Download the full report, One Click Away: An Investigation into the Online Sale of Exotic Pets.
This video from Canada says about itself:
First feathered dinosaur from North America introduced by Darla Zelenitsky
26 October 2012
Canadian researchers discover fossils of first feathered dinosaurs from North America.
From Science magazine:
By Sid Perkins
25 November 2015 2:00 pm
The links between dinosaurs and birds keep getting stronger: skeletal structures, feathers—and now nests. Whereas some dinosaurs buried their eggs crocodile-style, a new analysis suggests that other dinosaurs built open nests on the ground, foreshadowing the nests of birds.
Interpreting the fossil record is always tough, but analyzing trace fossils such as nests is especially daunting. Those structures, and the materials used to make them, usually aren’t preserved, says Darla Zelenitsky, a paleobiologist at the University of Calgary in Canada. When paleontologists do find a nestlike structure that includes material such as sticks or other vegetation, the question arises: Was this stuff part of the original nest, or just carried there with the sediment that buried the nest and helped preserve it?
To gain insight into dinosaur nesting habits, Zelenitsky and her colleagues studied the most durable parts of nests—the eggs themselves. (Being largely made of the mineral calcium carbonate, they’ve got a head start on fossilization and are sometimes incredibly well preserved.) In particular, the team looked at the size and arrangement of small pores in the ancient shells, because those details are telling in modern creatures.
In crocodiles’ buried nests, the heat needed to incubate the eggs comes from decomposition of overlying organic matter or the sunlight absorbed by the soil. Plus, in buried nests airflow is somewhat limited, thus requiring eggs to be relatively porous to help increase the flow of oxygen into and carbon dioxide out of the eggs. But birds that brood in open nests can get by laying eggs with fewer or smaller pores.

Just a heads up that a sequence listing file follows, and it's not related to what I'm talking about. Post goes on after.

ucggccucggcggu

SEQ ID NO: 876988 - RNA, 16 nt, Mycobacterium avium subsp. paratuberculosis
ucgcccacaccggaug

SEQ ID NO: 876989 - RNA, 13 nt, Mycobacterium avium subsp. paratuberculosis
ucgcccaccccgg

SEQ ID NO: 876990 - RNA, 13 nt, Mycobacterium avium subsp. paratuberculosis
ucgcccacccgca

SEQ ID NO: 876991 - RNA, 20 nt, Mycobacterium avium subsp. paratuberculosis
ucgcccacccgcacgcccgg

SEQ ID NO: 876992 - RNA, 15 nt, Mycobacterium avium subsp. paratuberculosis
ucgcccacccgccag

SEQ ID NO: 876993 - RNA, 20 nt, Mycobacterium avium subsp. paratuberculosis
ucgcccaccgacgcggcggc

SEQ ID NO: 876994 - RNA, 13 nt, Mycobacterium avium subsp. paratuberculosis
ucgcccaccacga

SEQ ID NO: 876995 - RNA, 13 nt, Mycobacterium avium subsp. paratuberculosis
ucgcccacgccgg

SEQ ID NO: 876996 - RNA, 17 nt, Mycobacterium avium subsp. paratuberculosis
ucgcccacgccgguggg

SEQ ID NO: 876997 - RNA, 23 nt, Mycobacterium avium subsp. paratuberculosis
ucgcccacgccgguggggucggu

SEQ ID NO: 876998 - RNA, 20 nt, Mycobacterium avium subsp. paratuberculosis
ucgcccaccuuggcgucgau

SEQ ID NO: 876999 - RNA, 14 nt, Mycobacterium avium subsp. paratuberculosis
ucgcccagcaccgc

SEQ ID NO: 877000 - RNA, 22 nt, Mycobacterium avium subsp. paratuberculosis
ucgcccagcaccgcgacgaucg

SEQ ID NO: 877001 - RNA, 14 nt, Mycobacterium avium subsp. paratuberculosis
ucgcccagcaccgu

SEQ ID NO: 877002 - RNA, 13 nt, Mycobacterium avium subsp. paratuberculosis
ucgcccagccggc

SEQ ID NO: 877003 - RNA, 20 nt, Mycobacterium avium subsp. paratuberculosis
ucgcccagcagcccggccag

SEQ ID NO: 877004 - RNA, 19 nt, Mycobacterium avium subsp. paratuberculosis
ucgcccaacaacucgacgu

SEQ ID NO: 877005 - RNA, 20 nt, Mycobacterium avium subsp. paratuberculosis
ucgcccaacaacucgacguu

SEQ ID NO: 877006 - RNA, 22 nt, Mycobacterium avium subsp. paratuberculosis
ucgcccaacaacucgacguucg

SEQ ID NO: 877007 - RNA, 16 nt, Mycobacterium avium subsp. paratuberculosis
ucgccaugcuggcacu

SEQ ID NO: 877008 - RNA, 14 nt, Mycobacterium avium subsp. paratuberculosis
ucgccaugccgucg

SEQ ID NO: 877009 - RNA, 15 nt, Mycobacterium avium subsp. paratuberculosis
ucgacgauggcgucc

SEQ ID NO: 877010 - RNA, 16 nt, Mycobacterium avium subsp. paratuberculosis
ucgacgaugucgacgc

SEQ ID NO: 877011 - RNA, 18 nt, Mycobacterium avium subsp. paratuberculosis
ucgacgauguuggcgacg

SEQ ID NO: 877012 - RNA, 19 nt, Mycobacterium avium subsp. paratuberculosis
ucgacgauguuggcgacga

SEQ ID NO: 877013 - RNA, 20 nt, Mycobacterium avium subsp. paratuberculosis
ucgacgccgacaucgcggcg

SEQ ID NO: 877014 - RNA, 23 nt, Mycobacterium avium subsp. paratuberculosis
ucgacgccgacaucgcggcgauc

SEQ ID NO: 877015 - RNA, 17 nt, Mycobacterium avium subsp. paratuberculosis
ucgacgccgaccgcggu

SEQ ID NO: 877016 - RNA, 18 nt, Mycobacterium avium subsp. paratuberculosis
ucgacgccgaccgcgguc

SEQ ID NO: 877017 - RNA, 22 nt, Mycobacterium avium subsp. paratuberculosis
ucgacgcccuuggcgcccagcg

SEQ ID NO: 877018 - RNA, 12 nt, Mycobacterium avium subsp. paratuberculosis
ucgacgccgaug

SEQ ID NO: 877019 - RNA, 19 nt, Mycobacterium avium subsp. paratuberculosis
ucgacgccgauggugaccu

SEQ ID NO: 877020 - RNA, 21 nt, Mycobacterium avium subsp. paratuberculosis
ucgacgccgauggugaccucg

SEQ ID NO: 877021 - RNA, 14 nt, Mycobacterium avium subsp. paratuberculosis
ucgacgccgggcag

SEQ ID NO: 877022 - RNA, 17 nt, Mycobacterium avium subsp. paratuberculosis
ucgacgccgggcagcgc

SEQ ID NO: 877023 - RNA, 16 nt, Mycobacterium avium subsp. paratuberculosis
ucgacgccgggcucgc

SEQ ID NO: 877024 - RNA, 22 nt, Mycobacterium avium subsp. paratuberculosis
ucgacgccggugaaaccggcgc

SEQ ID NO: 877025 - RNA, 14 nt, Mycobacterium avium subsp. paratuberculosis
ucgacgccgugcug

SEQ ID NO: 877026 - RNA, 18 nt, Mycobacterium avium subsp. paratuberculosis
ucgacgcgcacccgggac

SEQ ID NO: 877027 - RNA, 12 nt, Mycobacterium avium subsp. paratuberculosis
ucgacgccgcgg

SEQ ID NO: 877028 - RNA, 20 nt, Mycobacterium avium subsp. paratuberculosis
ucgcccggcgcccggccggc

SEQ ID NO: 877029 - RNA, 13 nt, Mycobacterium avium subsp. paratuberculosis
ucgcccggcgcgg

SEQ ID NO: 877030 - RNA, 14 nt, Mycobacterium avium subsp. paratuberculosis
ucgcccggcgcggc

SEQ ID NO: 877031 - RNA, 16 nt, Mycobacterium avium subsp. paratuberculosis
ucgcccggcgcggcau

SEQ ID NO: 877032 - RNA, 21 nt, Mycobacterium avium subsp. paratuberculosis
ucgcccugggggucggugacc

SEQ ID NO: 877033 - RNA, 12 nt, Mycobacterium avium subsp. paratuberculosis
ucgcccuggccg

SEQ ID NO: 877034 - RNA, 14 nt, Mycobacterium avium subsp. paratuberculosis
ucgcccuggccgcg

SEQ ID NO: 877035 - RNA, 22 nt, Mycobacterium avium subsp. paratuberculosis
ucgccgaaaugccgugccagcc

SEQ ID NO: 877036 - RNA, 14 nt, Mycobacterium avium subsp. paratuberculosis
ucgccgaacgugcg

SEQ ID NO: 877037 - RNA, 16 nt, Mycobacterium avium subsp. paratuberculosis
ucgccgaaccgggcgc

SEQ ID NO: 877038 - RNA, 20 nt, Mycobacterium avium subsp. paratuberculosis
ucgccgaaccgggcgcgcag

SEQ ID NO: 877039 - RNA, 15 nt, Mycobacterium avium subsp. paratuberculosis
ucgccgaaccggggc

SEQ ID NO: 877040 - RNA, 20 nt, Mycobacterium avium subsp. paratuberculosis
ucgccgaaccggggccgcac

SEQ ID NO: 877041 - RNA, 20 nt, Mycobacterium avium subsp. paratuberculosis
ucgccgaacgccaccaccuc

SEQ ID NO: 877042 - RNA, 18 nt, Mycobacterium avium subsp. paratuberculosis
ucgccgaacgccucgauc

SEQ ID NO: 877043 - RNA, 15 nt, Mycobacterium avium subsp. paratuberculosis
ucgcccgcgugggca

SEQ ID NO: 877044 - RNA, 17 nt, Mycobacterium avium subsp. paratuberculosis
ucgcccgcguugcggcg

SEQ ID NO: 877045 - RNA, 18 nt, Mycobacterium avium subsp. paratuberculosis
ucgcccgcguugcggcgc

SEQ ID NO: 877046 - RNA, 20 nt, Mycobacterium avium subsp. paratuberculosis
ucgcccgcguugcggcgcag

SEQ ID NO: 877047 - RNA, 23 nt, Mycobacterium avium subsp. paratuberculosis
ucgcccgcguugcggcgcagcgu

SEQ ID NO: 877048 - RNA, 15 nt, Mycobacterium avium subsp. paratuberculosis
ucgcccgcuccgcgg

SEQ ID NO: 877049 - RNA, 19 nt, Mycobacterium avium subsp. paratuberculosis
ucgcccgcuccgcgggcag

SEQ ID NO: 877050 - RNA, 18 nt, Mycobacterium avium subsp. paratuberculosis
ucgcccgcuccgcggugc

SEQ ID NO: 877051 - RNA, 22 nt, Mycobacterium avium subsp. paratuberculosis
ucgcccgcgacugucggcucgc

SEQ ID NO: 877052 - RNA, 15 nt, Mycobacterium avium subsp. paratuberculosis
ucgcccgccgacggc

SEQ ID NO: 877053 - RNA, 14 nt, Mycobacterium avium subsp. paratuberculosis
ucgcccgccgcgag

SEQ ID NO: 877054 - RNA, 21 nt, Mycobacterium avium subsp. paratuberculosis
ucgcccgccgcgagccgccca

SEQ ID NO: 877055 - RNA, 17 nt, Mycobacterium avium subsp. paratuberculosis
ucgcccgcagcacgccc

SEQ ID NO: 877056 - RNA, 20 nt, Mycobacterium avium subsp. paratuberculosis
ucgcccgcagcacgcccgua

So the team compared the porosity of eggshells from 29 species of dinosaurs (including large, long-necked herbivores called sauropods; bipedal meat-eaters called theropods; and duck-billed dinosaurs) with that of shells from 127 living species of birds and crocodiles.
Most of the dinosaur eggs were highly porous, suggesting that they buried their eggs to incubate them, the researchers report online today in PLOS ONE. But some of the dinosaur species in one group—a subset of well-evolved theropods considered to be the closest relatives of modern-day birds—laid low-porosity eggs, which suggests they incubated their eggs in open nests.
“This is a well done paper; the results make a lot of sense,” says Luis Chiappe, a vertebrate paleontologist at the Natural History Museum of Los Angeles County in California. The findings, he says, line up other studies suggesting that some birdlike dinosaurs were warm-blooded, which would have enabled them to incubate eggs in an open nest rather than depend on rotting vegetation or sunlight. Chiappe adds that the trend toward open nests could have allowed some dinosaurs to take another step toward birdlike nesting by moving their nests into the trees.
But considering only two types of nests—open versus buried—may be too simplistic, suggests Anthony Martin, a paleontologist at Emory University in Atlanta. Some dinosaurs—like a few of today’s birds—may have nested in burrows, which could have offered the stable temperature and protection from predators of a buried nest but resulted in low-porosity shells. Also, covered nests come in different types: Loose vegetation piled atop a buried nest can have a lot of airflow through it, allowing eggs to have relatively small pores, whereas eggs buried in soil or similar materials might not breathe as well and thus require larger pores, he notes. Nevertheless, Martin adds, the team’s study “is a good first start toward answering the question about what early dinosaur nests looked like.”
See also here.
The findings were published online on Nov. 25 2015 in the journal PLOS ONE.